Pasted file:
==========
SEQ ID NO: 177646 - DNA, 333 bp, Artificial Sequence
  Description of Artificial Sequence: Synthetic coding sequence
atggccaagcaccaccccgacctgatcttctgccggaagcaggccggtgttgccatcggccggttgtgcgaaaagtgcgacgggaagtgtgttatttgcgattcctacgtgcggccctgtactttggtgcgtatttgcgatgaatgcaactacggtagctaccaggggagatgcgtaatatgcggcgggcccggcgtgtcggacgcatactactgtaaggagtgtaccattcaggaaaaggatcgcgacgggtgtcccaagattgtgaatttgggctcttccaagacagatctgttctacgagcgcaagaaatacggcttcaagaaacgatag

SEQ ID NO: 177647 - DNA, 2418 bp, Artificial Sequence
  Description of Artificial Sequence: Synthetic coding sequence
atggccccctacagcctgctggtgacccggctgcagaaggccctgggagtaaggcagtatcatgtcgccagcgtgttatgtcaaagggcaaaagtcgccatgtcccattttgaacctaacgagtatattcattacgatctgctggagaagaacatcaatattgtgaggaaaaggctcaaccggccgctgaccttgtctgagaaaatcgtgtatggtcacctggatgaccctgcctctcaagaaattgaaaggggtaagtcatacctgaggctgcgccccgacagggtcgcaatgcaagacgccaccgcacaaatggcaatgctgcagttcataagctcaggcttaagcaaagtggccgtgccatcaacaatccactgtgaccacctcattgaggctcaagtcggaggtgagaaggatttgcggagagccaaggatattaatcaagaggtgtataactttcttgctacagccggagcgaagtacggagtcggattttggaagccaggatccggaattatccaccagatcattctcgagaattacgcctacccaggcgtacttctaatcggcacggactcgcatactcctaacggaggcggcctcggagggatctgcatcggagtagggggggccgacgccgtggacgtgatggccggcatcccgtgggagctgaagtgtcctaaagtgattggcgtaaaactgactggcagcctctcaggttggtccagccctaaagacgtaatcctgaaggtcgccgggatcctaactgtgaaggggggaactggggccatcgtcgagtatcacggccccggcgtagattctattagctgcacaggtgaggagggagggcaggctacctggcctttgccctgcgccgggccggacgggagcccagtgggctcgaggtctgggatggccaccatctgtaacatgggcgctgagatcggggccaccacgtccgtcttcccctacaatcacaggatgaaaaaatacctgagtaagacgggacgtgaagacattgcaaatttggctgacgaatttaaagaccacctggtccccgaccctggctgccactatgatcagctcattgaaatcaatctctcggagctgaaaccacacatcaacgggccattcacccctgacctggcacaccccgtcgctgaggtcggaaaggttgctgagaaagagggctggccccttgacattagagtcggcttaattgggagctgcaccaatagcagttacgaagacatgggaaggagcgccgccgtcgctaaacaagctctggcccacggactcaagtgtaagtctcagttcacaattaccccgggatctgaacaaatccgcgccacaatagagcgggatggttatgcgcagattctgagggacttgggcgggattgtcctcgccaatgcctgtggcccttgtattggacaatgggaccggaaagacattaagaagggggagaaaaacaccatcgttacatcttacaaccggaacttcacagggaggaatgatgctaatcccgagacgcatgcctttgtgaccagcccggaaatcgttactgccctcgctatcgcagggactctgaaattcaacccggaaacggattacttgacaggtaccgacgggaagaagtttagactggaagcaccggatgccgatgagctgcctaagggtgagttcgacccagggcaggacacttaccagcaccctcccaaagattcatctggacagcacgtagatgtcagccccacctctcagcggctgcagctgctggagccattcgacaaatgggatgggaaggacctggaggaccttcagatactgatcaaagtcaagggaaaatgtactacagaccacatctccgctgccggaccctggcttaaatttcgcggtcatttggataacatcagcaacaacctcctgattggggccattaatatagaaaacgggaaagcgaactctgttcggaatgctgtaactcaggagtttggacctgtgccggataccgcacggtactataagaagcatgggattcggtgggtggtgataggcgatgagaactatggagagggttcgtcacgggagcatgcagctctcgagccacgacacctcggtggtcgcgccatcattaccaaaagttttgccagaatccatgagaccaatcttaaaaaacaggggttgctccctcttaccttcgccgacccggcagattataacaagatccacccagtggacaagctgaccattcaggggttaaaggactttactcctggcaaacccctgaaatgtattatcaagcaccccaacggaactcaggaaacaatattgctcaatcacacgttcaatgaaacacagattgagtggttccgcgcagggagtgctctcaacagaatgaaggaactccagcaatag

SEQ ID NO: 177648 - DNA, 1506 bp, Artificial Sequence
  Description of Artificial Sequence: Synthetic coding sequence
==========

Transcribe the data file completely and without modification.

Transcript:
SEQ ID NO: 177646 - DNA, 333 bp, Artificial Sequence
  Description of Artificial Sequence: Synthetic coding sequence
atggccaagcaccaccccgacctgatcttctgccggaagcaggccggtgttgccatcggccggttgtgcgaaaagtgcgacgggaagtgtgttatttgcgattcctacgtgcggccctgtactttggtgcgtatttgcgatgaatgcaactacggtagctaccaggggagatgcgtaatatgcggcgggcccggcgtgtcggacgcatactactgtaaggagtgtaccattcaggaaaaggatcgcgacgggtgtcccaagattgtgaatttgggctcttccaagacagatctgttctacgagcgcaagaaatacggcttcaagaaacgatag

SEQ ID NO: 177647 - DNA, 2418 bp, Artificial Sequence
  Description of Artificial Sequence: Synthetic coding sequence
atggccccctacagcctgctggtgacccggctgcagaaggccctgggagtaaggcagtatcatgtcgccagcgtgttatgtcaaagggcaaaagtcgccatgtcccattttgaacctaacgagtatattcattacgatctgctggagaagaacatcaatattgtgaggaaaaggctcaaccggccgctgaccttgtctgagaaaatcgtgtatggtcacctggatgaccctgcctctcaagaaattgaaaggggtaagtcatacctgaggctgcgccccgacagggtcgcaatgcaagacgccaccgcacaaatggcaatgctgcagttcataagctcaggcttaagcaaagtggccgtgccatcaacaatccactgtgaccacctcattgaggctcaagtcggaggtgagaaggatttgcggagagccaaggatattaatcaagaggtgtataactttcttgctacagccggagcgaagtacggagtcggattttggaagccaggatccggaattatccaccagatcattctcgagaattacgcctacccaggcgtacttctaatcggcacggactcgcatactcctaacggaggcggcctcggagggatctgcatcggagtagggggggccgacgccgtggacgtgatggccggcatcccgtgggagctgaagtgtcctaaagtgattggcgtaaaactgactggcagcctctcaggttggtccagccctaaagacgtaatcctgaaggtcgccgggatcctaactgtgaaggggggaactggggccatcgtcgagtatcacggccccggcgtagattctattagctgcacaggtgaggagggagggcaggctacctggcctttgccctgcgccgggccggacgggagcccagtgggctcgaggtctgggatggccaccatctgtaacatgggcgctgagatcggggccaccacgtccgtcttcccctacaatcacaggatgaaaaaatacctgagtaagacgggacgtgaagacattgcaaatttggctgacgaatttaaagaccacctggtccccgaccctggctgccactatgatcagctcattgaaatcaatctctcggagctgaaaccacacatcaacgggccattcacccctgacctggcacaccccgtcgctgaggtcggaaaggttgctgagaaagagggctggccccttgacattagagtcggcttaattgggagctgcaccaatagcagttacgaagacatgggaaggagcgccgccgtcgctaaacaagctctggcccacggactcaagtgtaagtctcagttcacaattaccccgggatctgaacaaatccgcgccacaatagagcgggatggttatgcgcagattctgagggacttgggcgggattgtcctcgccaatgcctgtggcccttgtattggacaatgggaccggaaagacattaagaagggggagaaaaacaccatcgttacatcttacaaccggaacttcacagggaggaatgatgctaatcccgagacgcatgcctttgtgaccagcccggaaatcgttactgccctcgctatcgcagggactctgaaattcaacccggaaacggattacttgacaggtaccgacgggaagaagtttagactggaagcaccggatgccgatgagctgcctaagggtgagttcgacccagggcaggacacttaccagcaccctcccaaagattcatctggacagcacgtagatgtcagccccacctctcagcggctgcagctgctggagccattcgacaaatgggatgggaaggacctggaggaccttcagatactgatcaaagtcaagggaaaatgtactacagaccacatctccgctgccggaccctggcttaaatttcgcggtcatttggataacatcagcaacaacctcctgattggggccattaatatagaaaacgggaaagcgaactctgttcggaatgctgtaactcaggagtttggacctgtgccggataccgcacggtactataagaagcatgggattcggtgggtggtgataggcgatgagaactatggagagggttcgtcacgggagcatgcagctctcgagccacgacacctcggtggtcgcgccatcattaccaaaagttttgccagaatccatgagaccaatcttaaaaaacaggggttgctccctcttaccttcgccgacccggcagattataacaagatccacccagtggacaagctgaccattcaggggttaaaggactttactcctggcaaacccctgaaatgtattatcaagcaccccaacggaactcaggaaacaatattgctcaatcacacgttcaatgaaacacagattgagtggttccgcgcagggagtgctctcaacagaatgaaggaactccagcaatag

SEQ ID NO: 177648 - DNA, 1506 bp, Artificial Sequence
  Description of Artificial Sequence: Synthetic coding sequence